I know some may say it is unethical, but what about the employee that terminates and does not use all of their FSA money before they terminated and does not have enough claims to submit to receive this money. They lose it and the employer gets it back to use against Section 125 Administration Fees or a benefit that will apply to all of their employees?

  17. Sam says:


    There is a plan that will allow you to take your money with you. It is called a Health Savings Account (HSA). HSA’s have become very popular in the last few years. The only issue that it is attached directly to a high deductible medical plan. The employer must choose to use this type of plan for their group plan. A lot of employers have an HSA and Traditional Plan in place for their employees to choose from. This plan allows employees and employers to contribute to this account on a pre-tax basis. You use this account to pay for all of your medical expenses including prescriptions. All of your Dr. visits (usually with the exception of a one annual exam paid at 100%) and prescriptions are processed towards your deductible (usually around $2,000) and you can use your HSA to pay for these charges. Once you have met your full deductible your visits and prescriptions are paid out at 100%I. If you have money left in the account the next year, it will just rollover.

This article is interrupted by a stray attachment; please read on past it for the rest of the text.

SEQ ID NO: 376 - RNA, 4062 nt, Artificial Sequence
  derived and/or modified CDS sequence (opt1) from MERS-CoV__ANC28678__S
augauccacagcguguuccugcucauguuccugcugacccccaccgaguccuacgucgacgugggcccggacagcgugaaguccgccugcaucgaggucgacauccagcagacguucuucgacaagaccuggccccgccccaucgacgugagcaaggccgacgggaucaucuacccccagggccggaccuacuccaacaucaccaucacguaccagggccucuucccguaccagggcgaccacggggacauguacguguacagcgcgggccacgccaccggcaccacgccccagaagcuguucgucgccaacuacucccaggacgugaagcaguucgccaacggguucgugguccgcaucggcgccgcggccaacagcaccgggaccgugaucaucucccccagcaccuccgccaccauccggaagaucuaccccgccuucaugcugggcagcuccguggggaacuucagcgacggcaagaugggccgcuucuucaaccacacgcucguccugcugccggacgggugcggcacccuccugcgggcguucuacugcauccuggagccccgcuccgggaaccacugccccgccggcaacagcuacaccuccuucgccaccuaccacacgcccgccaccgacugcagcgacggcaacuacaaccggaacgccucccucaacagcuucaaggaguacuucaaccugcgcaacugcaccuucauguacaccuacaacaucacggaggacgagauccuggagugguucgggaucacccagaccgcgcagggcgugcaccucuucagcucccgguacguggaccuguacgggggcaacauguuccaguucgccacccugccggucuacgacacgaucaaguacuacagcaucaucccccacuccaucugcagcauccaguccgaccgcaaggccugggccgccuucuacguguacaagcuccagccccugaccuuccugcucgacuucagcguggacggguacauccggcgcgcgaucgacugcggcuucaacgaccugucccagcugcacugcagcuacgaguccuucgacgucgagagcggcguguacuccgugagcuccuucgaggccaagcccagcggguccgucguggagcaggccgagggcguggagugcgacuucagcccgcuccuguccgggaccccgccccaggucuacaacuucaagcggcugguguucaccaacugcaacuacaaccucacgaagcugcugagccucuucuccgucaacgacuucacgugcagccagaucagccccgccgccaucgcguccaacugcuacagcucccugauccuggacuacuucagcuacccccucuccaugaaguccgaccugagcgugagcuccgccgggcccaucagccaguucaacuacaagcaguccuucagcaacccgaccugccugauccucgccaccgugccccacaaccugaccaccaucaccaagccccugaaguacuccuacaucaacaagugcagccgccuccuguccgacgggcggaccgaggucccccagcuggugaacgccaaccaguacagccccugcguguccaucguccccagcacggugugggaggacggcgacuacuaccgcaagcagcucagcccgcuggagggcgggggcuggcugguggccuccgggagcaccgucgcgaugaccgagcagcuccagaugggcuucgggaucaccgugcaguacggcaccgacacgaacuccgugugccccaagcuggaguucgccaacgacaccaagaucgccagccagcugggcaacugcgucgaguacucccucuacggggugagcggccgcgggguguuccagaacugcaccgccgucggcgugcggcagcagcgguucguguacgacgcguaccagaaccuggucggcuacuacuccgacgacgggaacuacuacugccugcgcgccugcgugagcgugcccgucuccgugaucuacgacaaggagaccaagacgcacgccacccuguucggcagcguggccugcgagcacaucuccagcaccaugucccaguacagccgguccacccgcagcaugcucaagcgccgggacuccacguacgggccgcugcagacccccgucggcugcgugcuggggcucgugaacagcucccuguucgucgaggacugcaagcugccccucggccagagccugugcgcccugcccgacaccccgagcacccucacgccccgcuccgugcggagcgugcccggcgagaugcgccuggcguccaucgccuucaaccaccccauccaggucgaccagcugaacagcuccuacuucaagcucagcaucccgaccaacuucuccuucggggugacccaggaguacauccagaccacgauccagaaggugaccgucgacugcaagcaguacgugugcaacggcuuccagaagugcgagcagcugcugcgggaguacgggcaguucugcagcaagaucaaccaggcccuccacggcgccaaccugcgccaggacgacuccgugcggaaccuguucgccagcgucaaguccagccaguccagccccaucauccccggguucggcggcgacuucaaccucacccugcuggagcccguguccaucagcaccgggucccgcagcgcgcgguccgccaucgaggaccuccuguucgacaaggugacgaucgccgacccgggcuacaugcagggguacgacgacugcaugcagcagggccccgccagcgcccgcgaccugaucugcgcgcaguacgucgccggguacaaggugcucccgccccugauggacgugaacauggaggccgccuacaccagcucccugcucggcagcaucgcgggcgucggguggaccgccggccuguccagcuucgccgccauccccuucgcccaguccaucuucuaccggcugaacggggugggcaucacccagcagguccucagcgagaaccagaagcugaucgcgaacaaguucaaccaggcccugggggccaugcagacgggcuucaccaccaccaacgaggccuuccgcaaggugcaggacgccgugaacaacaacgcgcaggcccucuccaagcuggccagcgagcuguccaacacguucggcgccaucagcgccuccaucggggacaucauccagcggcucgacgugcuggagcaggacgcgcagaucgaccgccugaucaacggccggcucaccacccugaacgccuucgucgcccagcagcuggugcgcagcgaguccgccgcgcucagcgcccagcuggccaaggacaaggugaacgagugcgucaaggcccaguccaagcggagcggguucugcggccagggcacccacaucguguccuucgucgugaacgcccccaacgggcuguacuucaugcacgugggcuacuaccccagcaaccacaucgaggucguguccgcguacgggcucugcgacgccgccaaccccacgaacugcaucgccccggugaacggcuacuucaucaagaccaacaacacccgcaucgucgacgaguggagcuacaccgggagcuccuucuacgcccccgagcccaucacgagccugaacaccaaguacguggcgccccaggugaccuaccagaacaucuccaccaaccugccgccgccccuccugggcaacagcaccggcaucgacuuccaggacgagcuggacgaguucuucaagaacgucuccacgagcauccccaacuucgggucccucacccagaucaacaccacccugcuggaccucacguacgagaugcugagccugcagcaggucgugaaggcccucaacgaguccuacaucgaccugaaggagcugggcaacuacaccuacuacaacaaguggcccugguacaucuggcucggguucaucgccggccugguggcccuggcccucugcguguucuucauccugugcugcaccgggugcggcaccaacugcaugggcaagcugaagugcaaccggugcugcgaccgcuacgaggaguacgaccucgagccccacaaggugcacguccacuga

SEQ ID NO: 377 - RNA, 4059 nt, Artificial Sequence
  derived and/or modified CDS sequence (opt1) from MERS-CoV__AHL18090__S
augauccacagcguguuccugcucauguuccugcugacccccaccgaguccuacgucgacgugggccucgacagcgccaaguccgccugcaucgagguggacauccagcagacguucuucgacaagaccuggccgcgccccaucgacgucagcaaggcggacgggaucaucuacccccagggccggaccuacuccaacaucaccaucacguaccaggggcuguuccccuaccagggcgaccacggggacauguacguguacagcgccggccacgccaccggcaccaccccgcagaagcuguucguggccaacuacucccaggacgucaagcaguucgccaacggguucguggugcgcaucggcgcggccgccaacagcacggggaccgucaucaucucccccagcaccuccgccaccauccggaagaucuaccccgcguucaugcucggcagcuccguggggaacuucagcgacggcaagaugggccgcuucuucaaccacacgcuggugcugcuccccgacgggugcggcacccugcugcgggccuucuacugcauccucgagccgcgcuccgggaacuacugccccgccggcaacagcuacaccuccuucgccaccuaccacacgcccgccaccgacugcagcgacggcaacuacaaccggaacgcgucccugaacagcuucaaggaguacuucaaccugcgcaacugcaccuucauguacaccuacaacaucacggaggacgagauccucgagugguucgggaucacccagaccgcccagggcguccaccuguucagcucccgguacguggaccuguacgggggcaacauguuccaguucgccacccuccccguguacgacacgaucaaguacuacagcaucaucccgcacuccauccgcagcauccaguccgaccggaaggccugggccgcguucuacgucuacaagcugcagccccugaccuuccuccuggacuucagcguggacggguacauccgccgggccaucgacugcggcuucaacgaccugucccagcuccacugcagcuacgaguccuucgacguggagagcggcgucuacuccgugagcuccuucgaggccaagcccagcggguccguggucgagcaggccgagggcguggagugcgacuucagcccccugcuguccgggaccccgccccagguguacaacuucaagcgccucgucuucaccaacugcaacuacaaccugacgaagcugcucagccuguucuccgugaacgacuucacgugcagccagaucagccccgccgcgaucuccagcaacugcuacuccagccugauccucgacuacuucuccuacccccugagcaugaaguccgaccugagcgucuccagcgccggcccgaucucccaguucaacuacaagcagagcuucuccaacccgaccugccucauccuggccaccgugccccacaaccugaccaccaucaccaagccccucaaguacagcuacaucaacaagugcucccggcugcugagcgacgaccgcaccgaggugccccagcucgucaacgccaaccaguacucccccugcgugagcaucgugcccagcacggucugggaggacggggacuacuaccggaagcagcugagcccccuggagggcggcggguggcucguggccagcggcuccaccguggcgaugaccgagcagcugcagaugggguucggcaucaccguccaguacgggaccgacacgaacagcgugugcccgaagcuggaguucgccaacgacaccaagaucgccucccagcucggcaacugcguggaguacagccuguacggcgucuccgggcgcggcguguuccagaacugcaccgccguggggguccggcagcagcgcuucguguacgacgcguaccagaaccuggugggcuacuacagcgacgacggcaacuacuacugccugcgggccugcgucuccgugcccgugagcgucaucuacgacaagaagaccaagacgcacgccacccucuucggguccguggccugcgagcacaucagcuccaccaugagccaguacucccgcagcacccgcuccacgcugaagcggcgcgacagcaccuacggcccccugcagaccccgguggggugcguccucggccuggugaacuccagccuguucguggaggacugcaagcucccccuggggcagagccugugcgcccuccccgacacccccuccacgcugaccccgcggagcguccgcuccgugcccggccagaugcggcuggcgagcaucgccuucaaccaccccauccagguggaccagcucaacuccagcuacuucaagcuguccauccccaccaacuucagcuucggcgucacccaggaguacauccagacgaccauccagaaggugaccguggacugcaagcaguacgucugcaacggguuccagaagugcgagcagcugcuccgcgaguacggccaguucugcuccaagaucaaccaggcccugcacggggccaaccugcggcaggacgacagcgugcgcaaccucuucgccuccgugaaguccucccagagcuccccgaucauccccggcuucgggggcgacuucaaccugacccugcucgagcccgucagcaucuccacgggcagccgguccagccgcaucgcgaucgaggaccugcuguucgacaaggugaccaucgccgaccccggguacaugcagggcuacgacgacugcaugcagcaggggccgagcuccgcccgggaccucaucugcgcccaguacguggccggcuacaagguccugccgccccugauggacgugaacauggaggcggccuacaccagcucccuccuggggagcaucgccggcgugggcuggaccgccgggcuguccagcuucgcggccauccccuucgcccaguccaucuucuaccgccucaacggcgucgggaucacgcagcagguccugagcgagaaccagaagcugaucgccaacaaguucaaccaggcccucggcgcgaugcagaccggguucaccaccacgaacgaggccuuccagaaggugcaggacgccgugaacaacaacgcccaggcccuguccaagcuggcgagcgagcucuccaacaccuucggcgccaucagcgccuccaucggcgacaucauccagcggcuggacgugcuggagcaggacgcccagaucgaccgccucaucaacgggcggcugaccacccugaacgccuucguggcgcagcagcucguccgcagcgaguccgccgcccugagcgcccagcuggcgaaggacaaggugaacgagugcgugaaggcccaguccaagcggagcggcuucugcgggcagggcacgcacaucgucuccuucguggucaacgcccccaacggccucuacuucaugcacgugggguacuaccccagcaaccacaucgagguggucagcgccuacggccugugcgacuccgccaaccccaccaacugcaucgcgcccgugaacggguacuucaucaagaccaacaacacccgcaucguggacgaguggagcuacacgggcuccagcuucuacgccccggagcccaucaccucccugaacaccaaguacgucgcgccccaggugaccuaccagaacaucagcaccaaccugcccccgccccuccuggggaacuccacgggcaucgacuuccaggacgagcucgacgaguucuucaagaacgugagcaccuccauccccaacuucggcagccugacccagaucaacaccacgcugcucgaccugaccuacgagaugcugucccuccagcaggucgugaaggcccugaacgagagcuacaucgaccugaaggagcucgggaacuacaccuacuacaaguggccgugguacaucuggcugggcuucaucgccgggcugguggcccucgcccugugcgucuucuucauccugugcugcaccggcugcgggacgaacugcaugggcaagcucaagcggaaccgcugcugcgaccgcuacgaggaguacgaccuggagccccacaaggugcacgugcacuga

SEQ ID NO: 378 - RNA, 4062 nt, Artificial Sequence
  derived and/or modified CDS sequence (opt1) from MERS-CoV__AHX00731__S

18. CJ says:

    Ok, you guys seem knowledgeable…

    I left my employer at my own willingness in April of this year. It is now July and they are still depositing funds into my Dependent Care Account. Obviously, these funds are not coming from my pay because I no longer work there.

    Can I make a claim against these funds through the flex company? If I do, could they come back at a later date and make me pay them back?

    Will this have any adverse affects on me come tax time?

    Thanks in advance!!

  19. jim says:

    CJ – I would notify your employer of these extra payments, they’re not yours so they can claim them back once they audit and discover the error. It’s like getting extra paychecks, you only cause yourself headaches by using them.

  20. fer says: